BitFenix Por­tal

Sleek ITX case in­spired by a Valve puz­zler, but is this a tri­umph?

Maximum PC - - IN THE LAB -

THE REA­SONS to go ITX for your next build are many­fold: You re­claim valu­able space; you need fewer cans of com­pressed air to clean it; and now, thanks to BitFenix’s lat­est model, you can pre­tend you built a rig in­side one of Por­tal’s sen­try tur­rets.

Per­haps the rea­son ITX isn’t the dom­i­nant form fac­tor is that you need to make com­pro­mises in the name of com­pact­ness, al­though they aren’t as sig­nif­i­cant to­day as they once were. In the Por­tal’s case, you need a smaller SFX power sup­ply to power your diminu­tive ma­chine, and you’re lim­ited to a sin­gle GPU that takes up a max­i­mum of two slots. Nei­ther is a big sur­prise for an ITX case, but we also rec­om­mend go­ing as mod­u­lar as pos­si­ble with that PSU to min­i­mize un­nec­es­sary ca­bles, as this case’s un­usual in­te­rior de­sign doesn’t leave much room be­tween PSU and drive bays.

There are ben­e­fits to that de­sign, though. Rather than giv­ing you ac­cess to the com­po­nents via a re­mov­able side panel, BitFenix in­stead opts for a frame within a frame, so your en­tire build lives in an in­te­rior chas­sis that’s ac­ces­si­ble via a ball-bear­ing run­ner. It’s also ori­ented so that your graph­ics card lies “up­side down” at the very top of the case, vis­i­ble through a per­spex win­dow on the top panel, al­though vari­ants with­out the win­dow are also avail­able. In prac­tice, this al­lows easy ac­cess to some usu­ally hard-to-reach parts, and makes clean­ing the PC much eas­ier—just pull it out, bust out that air can, and push it back in. It does mean it’s a bit more tricky for cable man­age­ment, though. Cer­tain ca­bles can be tied in place on the in­te­rior frame, but those con­nected to the case it­self—case fans, power but­ton, and so on—must have enough slack to al­low the in­te­rior frame to run out past the ex­te­rior. It’s a lit­tle like build­ing a ship in a bot­tle in that way.

With a sys­tem built in­side, the ex­te­rior fea­tures of the Por­tal are kept min­i­mal to stay in line with that Valve-in­spired aes­thetic. A sin­gle power but­ton graces the front panel, and along one side are two USB 3.0 ports next to in­puts for head­phones and a mic. At the rear, an ad­di­tional bracket is fitted over the GPU screw holes on the case to al­low eas­ier ac­cess to the thumb­screws, and two large gaps at the top and bot­tom pro­vide exit points for the hot air as it’s pushed through from front to back, helped along by a sin­gle 120mm fan at the front and an 80mm fan at the rear. There is room for a 120mm ra­di­a­tor to be fitted in­stead of that 80mm fan if you opt for a more heavy­duty CPU cool­ing so­lu­tion, though. Below the in­te­rior frame there’s also plenty of room at the base for hot air from your PSU to dis­perse. For a case this size, which ap­pears so solid and un­ven­ti­lated at first glance, air­flow ac­tu­ally looks am­ple in the Por­tal.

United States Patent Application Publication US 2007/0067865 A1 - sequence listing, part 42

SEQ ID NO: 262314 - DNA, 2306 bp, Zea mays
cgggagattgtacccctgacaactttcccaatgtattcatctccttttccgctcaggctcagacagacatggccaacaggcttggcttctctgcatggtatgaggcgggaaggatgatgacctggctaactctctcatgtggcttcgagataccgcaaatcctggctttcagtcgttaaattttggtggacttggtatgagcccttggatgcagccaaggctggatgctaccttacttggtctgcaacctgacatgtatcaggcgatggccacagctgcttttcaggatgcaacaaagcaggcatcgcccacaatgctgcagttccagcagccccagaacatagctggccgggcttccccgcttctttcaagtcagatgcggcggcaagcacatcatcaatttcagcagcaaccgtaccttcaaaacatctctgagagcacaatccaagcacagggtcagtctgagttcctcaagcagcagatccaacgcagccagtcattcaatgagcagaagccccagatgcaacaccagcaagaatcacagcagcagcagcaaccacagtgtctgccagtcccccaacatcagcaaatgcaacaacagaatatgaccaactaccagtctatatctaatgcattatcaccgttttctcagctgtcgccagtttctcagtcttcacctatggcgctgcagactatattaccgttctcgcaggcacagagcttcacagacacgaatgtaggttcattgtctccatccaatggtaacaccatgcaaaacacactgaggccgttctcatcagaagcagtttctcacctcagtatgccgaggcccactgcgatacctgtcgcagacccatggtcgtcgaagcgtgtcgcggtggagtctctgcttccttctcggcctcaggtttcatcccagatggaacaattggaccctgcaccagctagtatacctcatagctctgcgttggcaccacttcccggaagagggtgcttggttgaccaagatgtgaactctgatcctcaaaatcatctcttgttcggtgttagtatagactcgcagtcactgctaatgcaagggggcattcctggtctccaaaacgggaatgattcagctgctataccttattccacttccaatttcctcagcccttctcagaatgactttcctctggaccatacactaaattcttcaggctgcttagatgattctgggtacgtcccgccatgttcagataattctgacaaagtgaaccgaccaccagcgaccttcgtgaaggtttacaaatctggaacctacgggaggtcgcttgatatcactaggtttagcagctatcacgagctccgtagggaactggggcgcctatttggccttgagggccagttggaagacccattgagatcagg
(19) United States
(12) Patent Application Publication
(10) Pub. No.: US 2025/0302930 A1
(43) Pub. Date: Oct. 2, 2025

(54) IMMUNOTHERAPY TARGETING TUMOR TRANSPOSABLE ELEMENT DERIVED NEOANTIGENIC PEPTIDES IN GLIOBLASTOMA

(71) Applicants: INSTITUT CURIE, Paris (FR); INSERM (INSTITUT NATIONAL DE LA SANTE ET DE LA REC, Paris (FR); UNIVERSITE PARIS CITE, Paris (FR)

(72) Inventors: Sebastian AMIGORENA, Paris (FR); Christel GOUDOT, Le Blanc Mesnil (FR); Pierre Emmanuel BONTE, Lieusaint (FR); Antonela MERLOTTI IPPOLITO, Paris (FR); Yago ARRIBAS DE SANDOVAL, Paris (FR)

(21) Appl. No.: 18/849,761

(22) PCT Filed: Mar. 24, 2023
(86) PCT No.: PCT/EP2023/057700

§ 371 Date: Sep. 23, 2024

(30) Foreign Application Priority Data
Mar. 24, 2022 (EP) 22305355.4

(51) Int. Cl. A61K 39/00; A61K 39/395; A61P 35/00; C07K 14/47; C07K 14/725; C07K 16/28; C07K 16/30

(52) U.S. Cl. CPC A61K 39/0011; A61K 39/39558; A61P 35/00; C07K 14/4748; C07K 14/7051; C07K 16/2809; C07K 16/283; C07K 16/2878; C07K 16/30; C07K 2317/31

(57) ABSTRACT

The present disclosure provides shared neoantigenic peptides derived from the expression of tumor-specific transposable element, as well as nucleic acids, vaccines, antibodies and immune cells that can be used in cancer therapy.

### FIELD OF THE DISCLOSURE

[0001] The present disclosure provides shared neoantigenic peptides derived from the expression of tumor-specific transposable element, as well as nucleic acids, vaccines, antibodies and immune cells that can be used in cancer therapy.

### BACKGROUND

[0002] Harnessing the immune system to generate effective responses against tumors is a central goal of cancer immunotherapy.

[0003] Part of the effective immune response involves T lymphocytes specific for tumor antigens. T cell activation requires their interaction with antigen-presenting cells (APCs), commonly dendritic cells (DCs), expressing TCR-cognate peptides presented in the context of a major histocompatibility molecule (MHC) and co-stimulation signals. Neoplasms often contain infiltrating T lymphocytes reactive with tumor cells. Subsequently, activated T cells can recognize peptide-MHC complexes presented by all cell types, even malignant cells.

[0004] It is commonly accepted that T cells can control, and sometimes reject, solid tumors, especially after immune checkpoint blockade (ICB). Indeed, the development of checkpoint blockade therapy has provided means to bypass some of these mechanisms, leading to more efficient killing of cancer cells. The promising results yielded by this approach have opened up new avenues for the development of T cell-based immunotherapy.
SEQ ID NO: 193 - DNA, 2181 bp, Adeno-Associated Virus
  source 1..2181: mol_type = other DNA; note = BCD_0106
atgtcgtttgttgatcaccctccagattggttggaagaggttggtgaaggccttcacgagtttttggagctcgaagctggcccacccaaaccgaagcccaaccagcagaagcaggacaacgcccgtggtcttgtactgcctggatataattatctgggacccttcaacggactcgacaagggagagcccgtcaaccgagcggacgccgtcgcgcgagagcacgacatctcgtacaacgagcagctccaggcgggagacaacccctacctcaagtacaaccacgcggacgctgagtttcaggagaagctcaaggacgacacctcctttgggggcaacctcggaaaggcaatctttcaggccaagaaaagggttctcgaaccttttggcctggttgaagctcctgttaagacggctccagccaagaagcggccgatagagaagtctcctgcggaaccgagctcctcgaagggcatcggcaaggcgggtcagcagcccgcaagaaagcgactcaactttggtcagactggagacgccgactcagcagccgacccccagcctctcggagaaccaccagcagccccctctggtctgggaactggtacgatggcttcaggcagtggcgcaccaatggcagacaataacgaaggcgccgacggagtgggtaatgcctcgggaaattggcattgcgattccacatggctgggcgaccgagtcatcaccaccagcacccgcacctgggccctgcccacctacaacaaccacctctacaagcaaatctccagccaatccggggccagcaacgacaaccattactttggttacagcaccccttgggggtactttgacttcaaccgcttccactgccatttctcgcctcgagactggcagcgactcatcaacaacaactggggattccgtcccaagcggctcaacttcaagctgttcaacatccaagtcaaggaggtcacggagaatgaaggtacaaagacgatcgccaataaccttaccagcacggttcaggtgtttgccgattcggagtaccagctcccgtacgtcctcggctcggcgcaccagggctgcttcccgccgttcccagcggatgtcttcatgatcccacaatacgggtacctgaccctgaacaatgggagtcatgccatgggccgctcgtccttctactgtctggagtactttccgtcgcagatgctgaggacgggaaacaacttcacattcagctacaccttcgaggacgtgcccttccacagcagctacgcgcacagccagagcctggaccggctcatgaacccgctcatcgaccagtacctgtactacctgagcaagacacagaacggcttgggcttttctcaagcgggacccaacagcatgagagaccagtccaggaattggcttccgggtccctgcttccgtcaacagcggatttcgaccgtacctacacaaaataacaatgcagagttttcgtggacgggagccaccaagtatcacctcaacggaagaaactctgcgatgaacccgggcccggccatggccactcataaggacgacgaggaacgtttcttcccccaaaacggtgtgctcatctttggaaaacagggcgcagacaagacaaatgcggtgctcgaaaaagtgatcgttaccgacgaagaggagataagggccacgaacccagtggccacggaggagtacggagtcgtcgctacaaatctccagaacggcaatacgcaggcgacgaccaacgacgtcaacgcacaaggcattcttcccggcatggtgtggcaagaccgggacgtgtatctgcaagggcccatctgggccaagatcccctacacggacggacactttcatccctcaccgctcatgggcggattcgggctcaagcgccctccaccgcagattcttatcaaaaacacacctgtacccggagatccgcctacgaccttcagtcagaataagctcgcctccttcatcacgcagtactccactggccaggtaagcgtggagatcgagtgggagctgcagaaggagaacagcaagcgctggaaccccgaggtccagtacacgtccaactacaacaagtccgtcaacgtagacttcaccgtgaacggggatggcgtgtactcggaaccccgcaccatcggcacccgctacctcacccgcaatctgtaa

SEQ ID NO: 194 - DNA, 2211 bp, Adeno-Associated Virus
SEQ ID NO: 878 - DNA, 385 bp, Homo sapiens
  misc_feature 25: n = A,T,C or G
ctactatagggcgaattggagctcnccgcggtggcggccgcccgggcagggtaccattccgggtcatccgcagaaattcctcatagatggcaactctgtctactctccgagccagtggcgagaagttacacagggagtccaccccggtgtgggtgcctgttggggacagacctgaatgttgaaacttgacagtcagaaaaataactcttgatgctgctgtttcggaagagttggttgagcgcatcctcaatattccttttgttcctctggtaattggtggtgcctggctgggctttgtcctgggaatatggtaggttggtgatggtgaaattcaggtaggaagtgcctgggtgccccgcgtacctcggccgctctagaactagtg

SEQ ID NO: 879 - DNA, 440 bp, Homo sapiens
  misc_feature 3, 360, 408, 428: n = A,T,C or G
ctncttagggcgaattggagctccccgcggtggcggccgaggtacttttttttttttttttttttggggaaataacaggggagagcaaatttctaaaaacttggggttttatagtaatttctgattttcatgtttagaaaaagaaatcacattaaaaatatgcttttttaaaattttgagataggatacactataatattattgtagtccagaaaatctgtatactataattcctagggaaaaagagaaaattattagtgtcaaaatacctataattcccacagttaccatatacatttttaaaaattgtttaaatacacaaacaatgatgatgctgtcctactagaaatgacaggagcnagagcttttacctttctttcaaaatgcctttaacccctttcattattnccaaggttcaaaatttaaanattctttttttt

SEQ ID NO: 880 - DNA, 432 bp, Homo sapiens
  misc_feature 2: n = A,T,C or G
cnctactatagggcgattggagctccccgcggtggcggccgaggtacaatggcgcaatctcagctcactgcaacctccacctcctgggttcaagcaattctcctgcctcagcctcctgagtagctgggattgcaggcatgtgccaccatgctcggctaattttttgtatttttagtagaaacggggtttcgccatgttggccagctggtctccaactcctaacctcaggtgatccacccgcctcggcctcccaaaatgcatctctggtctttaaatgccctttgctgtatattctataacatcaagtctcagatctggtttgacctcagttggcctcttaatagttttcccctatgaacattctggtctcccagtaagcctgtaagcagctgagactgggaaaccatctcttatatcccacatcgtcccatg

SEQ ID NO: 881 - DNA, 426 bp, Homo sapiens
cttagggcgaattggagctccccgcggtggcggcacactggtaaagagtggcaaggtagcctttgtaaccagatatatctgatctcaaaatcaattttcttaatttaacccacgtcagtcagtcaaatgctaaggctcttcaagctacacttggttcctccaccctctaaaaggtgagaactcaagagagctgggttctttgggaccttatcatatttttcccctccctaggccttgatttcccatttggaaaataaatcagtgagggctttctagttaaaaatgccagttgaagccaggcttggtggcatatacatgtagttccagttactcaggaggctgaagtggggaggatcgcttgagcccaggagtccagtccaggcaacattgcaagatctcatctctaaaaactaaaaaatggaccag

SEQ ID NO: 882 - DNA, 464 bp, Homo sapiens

But let’s be hon­est, if this case piques your in­ter­est, it’s prob­a­bly due, in large part, to its looks. In per­son, as it were, those looks hold up well. The alu­minum pan­els are well fin­ished and feel sturdy enough that trans­port­ing a built-up ma­chine shouldn’t do any dam­age, and it’s nicely topped off with a black or white pow­der coat, depend­ing on your taste. The only ques­tion mark comes in that run­ner de­sign, which is fine for the ini­tial build, but doesn’t feel smooth or ro­bust enough to en­dure re­peated ac­tion in the long term, for fre­quent clean­ing or reg­u­lar up­grades, with­out ex­hibit­ing a bit of wear and tear. So, was this in­deed a tri­umph? Un­for­tu­nately, the Por­tal falls just shy, but its looks and in­ter­est­ing de­sign read big in the plus col­umn. –PHIL IWANIUK

BitFenix Por­tal

HUGE SUC­CESS Sen­try tur­ret looks; breezy air­flow; frame de­sign.

WHEATLEY Flimsy run­ner. $140,

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